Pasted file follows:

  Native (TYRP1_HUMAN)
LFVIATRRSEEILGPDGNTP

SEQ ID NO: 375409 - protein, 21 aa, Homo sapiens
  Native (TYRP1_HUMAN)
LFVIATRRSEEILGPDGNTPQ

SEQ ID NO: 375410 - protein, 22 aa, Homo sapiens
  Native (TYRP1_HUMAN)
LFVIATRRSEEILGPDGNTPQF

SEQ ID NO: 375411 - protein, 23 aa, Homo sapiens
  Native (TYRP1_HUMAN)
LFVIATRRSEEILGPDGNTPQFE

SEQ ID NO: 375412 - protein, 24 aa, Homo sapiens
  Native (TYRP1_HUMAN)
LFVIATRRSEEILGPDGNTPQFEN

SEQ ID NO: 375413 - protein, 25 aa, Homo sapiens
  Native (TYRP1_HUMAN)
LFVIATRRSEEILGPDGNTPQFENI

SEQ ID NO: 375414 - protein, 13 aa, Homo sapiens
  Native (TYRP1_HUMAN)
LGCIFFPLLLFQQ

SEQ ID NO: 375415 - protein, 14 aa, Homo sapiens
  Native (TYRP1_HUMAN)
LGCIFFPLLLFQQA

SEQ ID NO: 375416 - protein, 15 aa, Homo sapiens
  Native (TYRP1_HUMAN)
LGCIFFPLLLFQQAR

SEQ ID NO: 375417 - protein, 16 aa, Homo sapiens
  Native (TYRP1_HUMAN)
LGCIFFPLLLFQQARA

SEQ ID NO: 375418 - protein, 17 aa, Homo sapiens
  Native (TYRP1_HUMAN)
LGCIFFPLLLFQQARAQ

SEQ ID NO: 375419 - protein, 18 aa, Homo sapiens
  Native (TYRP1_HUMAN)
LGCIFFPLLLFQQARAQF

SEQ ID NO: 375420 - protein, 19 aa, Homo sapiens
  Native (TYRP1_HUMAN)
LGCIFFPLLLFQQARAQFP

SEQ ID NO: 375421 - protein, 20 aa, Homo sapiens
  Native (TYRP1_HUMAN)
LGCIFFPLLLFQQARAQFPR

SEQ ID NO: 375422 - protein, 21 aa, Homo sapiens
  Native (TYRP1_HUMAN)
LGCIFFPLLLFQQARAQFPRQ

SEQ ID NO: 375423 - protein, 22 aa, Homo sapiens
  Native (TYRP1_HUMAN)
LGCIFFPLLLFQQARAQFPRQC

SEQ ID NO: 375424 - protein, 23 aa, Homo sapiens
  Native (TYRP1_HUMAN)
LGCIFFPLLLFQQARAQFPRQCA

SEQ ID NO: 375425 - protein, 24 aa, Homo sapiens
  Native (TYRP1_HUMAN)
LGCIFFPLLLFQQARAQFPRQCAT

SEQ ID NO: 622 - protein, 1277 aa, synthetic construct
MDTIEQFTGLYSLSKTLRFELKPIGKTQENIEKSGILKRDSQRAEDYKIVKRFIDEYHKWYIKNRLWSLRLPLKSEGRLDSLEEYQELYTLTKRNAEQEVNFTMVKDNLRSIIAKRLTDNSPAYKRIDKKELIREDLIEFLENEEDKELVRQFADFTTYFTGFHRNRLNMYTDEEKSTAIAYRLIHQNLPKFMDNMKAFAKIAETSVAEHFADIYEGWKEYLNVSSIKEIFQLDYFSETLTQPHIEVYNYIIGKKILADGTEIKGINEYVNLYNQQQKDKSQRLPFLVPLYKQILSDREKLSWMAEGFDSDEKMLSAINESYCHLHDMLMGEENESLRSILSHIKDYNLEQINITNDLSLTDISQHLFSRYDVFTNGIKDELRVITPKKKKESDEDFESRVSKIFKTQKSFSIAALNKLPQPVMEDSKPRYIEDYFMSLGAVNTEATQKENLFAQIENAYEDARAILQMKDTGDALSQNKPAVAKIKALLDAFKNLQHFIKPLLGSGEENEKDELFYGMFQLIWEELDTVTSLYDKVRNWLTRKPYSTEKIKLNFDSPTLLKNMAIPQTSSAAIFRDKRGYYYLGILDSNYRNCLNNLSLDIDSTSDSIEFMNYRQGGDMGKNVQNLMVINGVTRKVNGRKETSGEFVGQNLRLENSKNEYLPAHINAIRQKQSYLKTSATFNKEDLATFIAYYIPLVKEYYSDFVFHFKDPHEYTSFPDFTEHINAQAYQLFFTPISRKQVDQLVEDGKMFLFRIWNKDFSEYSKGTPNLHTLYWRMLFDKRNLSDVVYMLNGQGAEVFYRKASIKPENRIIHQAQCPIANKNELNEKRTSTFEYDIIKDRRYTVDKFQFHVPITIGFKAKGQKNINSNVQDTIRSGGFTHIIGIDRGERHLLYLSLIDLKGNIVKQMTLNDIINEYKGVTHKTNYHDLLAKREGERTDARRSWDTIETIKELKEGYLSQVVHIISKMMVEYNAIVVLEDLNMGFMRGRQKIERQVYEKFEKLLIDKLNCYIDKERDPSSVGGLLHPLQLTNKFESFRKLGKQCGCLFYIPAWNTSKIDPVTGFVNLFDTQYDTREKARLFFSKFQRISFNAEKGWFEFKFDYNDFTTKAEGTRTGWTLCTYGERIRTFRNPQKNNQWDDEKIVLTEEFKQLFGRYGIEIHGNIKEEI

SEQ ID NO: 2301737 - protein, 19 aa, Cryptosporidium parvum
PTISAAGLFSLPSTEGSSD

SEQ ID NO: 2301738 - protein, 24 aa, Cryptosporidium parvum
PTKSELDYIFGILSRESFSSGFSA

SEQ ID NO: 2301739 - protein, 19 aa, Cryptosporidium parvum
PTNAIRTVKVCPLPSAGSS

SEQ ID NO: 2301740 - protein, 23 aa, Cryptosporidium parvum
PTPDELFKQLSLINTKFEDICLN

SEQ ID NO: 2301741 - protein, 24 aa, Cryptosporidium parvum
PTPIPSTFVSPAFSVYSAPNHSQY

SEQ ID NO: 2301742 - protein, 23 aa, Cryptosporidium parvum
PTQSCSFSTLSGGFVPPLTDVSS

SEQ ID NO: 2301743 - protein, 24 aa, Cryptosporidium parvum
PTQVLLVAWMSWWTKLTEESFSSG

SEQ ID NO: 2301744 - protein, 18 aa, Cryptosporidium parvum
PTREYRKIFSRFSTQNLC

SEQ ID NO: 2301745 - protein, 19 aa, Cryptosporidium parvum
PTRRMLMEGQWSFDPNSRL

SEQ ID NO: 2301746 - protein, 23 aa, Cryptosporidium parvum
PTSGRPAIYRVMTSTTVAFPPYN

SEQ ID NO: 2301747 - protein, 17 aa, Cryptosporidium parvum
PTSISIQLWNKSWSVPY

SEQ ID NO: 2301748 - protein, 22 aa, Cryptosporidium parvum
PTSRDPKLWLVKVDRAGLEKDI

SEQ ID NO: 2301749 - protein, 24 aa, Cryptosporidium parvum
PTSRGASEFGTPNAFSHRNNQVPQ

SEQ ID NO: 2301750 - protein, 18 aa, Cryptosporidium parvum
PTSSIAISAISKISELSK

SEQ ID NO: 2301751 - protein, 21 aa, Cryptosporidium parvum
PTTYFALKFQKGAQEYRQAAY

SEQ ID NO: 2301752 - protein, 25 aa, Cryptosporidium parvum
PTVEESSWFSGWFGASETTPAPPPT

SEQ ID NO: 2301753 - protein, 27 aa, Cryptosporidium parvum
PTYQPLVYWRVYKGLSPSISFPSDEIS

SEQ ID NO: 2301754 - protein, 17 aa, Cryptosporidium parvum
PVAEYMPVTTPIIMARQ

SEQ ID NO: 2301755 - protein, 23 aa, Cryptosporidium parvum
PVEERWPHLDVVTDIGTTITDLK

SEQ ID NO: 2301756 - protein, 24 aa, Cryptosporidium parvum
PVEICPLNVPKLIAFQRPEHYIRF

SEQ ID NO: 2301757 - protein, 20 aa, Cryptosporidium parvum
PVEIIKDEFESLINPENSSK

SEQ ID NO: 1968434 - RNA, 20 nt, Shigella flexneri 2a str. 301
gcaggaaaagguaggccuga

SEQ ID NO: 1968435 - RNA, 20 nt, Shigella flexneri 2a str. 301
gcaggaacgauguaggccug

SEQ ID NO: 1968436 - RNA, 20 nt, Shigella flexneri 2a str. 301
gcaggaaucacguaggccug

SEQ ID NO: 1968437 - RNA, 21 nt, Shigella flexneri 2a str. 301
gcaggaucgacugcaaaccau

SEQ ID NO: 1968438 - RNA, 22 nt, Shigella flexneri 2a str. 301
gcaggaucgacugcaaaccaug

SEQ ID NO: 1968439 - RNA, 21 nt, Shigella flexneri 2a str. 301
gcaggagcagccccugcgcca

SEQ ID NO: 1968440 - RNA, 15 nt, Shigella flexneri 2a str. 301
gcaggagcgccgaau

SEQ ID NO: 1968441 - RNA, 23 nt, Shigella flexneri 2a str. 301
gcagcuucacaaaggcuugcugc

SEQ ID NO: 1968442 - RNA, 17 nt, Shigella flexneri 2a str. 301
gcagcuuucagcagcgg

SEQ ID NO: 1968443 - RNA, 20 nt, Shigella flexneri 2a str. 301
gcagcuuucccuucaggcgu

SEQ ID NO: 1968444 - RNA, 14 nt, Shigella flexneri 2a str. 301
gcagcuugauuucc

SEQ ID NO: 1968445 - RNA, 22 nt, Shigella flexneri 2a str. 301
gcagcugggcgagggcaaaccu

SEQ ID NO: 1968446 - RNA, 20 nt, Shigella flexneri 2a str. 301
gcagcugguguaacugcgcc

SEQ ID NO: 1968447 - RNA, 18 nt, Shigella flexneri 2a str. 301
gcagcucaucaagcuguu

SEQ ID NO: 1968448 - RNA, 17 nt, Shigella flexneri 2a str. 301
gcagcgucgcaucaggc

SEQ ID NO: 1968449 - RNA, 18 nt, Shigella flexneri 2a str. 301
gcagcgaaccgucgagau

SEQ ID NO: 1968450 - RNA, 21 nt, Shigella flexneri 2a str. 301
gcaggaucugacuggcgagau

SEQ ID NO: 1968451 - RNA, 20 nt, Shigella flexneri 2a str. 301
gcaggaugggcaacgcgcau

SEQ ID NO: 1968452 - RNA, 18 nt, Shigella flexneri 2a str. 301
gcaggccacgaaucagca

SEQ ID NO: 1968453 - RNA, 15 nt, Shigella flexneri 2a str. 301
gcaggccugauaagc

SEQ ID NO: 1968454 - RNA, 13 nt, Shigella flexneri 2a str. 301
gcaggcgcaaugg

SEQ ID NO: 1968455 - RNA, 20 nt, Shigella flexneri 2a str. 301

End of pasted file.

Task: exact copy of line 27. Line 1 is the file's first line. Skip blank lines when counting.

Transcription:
SEQ ID NO: 375417 - protein, 16 aa, Homo sapiens